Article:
I pre-cut all the plastic and then laminated them to pieces of 2mm EVA foam using 3m Super77 spray adhesive.  I cut widths of foam slightly over-sized and then trimmed to size after lamination.  I did it this way partially because I didn't feel the need to put foam on the "outside" face of the outer-edge dividers, and because I didn't want to waste foam with a lot of off-cuts.  For ease-of-lamination, next time I might just do up a bunch of large sheets and cut them to length after the fact.  I'm sure cutting the full sandwich of foam and plastic will require a bit more effort, but it shouldn't be too much trouble.

Friction-fit only while I wait for my irrigation staples
Once cut and laminated to the foam, these inserts have the same stiffness as all the TrekPak I've handled, and I feel plenty confident storing my lenses, etc. within.

Thoughts and Tips:
  • EVA or Craft foam is readily available in dozens of colors as flat sheets up to about 12" square, or in 36" x 60" rolls (black or white only, so far as I've seen) from your local hobby/craft stores
  • Corrugated Plastic is available in sizes all the way up to 4'x'8' sheets, and gets dramatically cheaper per square-inch as you go up.
  • White and Clear Coroplast seems to be the cheapest and most readily available at the big-box hardware stores, but all-black sheets are also available in 2'x3' sizes for the more looks-conscious among us.  Or, just start collecting all the old campaign and real-estate signs you see on the side of the road...
  • For best results with 3M Super77 adhesive, apply to both surfaces and then wait until they are just tacky to the touch, then join. (In other words, use as you would contact adhesive.)
  • The first batch of Landscape Staples I found at my local store were bare steel, with only a little oil applied.  I cleaned them and hit with a coat of primer, but I made sure to just order galvanized staples for the 2nd purchase.  For the ultimate budget-DIY approach, just cut 6" lengths of coat-hanger-wire and bend them in half...
  • With respect to the depth of the inserts: 
    • On my food box I intentionally left the inserts about 2" short of the top of the tub - this lets me store wide/flat items like a pack of tortillas on "top" of the organizer instead of having to carve out a wide section or trying to store them on their side.
    • For the Camera/Pelican box, I cut the outer pieces to the full-depth of the box, then friction-fit the foam bottom in-between. All of the inner dividers are about 1/2" shorter since they sit on top of the foam bottom.  This gave me a tighter fit within the box versus trying to have the outer pieces also sit on top of the foam.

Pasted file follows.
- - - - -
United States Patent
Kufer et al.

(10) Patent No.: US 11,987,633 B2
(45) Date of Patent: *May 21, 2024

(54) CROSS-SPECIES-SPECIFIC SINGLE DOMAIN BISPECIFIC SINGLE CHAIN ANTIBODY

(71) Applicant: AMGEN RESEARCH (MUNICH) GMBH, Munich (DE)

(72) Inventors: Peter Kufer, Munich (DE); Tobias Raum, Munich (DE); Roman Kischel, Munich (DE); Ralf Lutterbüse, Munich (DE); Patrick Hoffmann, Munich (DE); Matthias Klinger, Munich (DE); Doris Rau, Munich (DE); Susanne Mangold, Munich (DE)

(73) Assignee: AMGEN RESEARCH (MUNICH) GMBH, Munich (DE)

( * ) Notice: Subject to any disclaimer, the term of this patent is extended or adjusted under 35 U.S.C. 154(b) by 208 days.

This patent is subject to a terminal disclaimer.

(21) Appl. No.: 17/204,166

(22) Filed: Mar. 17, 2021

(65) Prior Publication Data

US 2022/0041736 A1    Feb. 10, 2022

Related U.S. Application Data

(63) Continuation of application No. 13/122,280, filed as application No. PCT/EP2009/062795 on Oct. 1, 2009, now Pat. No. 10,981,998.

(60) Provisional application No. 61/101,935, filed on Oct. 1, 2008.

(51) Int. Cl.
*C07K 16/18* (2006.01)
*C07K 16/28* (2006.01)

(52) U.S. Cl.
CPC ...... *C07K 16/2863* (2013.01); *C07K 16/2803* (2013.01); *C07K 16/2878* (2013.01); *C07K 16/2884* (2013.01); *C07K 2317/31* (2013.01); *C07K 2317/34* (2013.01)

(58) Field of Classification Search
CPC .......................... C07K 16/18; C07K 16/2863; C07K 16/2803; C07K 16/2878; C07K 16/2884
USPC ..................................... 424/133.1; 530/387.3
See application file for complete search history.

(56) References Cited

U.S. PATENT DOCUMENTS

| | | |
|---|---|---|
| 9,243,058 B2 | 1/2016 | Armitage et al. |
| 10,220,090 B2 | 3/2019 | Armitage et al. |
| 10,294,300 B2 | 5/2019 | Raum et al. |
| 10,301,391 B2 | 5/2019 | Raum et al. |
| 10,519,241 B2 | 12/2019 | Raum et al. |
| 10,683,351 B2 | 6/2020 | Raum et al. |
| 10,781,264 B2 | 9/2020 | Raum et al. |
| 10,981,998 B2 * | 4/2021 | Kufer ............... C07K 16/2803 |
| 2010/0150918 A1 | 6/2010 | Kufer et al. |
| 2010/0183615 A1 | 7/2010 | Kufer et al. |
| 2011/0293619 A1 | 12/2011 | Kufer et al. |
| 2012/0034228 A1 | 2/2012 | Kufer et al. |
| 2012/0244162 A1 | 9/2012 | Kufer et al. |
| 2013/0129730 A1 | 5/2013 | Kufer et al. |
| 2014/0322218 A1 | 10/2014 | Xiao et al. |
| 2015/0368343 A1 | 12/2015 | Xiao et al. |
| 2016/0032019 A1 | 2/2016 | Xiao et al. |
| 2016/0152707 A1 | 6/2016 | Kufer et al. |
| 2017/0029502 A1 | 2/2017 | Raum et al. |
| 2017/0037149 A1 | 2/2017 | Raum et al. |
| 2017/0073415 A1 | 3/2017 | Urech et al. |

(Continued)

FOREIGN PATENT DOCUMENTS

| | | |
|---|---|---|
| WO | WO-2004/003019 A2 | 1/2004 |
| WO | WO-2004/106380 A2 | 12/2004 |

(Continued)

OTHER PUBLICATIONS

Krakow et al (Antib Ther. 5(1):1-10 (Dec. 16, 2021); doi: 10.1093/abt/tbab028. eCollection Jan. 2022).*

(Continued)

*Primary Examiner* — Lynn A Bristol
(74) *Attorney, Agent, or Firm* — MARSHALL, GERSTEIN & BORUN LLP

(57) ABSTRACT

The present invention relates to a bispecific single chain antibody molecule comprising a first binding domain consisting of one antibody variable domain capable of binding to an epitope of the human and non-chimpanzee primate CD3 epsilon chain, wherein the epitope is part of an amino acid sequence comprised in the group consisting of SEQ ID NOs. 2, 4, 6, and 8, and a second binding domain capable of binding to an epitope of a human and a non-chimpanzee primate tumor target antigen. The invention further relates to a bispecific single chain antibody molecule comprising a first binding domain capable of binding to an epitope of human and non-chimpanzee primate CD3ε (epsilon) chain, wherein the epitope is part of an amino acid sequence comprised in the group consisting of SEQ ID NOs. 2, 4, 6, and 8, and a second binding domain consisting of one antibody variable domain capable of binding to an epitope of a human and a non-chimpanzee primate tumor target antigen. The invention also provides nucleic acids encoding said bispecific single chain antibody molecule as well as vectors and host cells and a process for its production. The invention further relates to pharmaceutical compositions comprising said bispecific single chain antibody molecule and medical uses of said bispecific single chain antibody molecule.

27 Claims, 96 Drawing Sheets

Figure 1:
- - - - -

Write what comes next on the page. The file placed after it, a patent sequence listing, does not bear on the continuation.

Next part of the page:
Parts Breakdown:
So, for about 3/4 the cost of a pre-fabbed TrekPak kit for the Pelican 1450 alone, I had enough material to create inserts for a small Pelican case, a large storage tote, and a significant amount of material left over.  I'd guess I have enough foam and coroplast for at least another small or medium Pelican case.


UPDATE:
So far, my DIY organizers are working great.  I've taken the Camera/Pelican box on a few trips and I feel pretty good about how secure everything is inside.

I've also used some of the surplus corrugated plastic to add a set of dividers to our new "coffee kit":

I am big into "kitting" as a process, whenever possible.  The idea is to have everything you need for a task, especially an oft-repeated task, close at hand so that the task can be as smooth and efficient as possible.  I do this even at home.  After the 4th or 5th time I had to dig into a drawer to find the coffee scoop, or fetch the filters from the pantry, I reorganized a tiny corner of the kitchen into "kit" form and now the scoop hangs on the side of the drip machine and the filters, coffee, grinder, etc. are all co-located and easy to fetch one handed, even bleary-eyed on a Sunday morning.

In the earlier photos above, you can see an early revision of the coffee kit was stored in the chuckbox.  This worked great on the days when I was camping with and using the chuckbox, but when I'm solo camping, or when the weather was bad, I prefer to have the option of making the first cup without having to open the van door!

This meant either moving the coffee gear to my solo (smaller-sized) kitchen box or fetching the coffee gear out of the big chuckbox in bad weather. Pass.   Instead, I've relocated all the coffee gear (now including a 40oz carafe of water that can double as a thermos) into a repurposed plastic file box.


Now I have a kettle, Aeropress, two vacuum insulated mugs, a big tin of ground coffee, and all the tools in a single lightweight case with a handle on top.  It will live in the van next to the fridge/stove cabinet and can be reached from my side of the bed.  If the weather is bad, I can flip the lid and start making coffee with my legs still in the sleeping bag.  If the weather is good and I want to take some pre-dawn photos while the water gets hot, I can just grab the kit and jump out of the van with everything I need, including water, so I'm not having to run the pump while everyone else is sleeping.

As a bonus, this has freed up almost a cubic foot inside the Chuck Box which lets me re-fit the Sterilite drawer system I had used previously, so I have better organization of the "small stuff" in the box: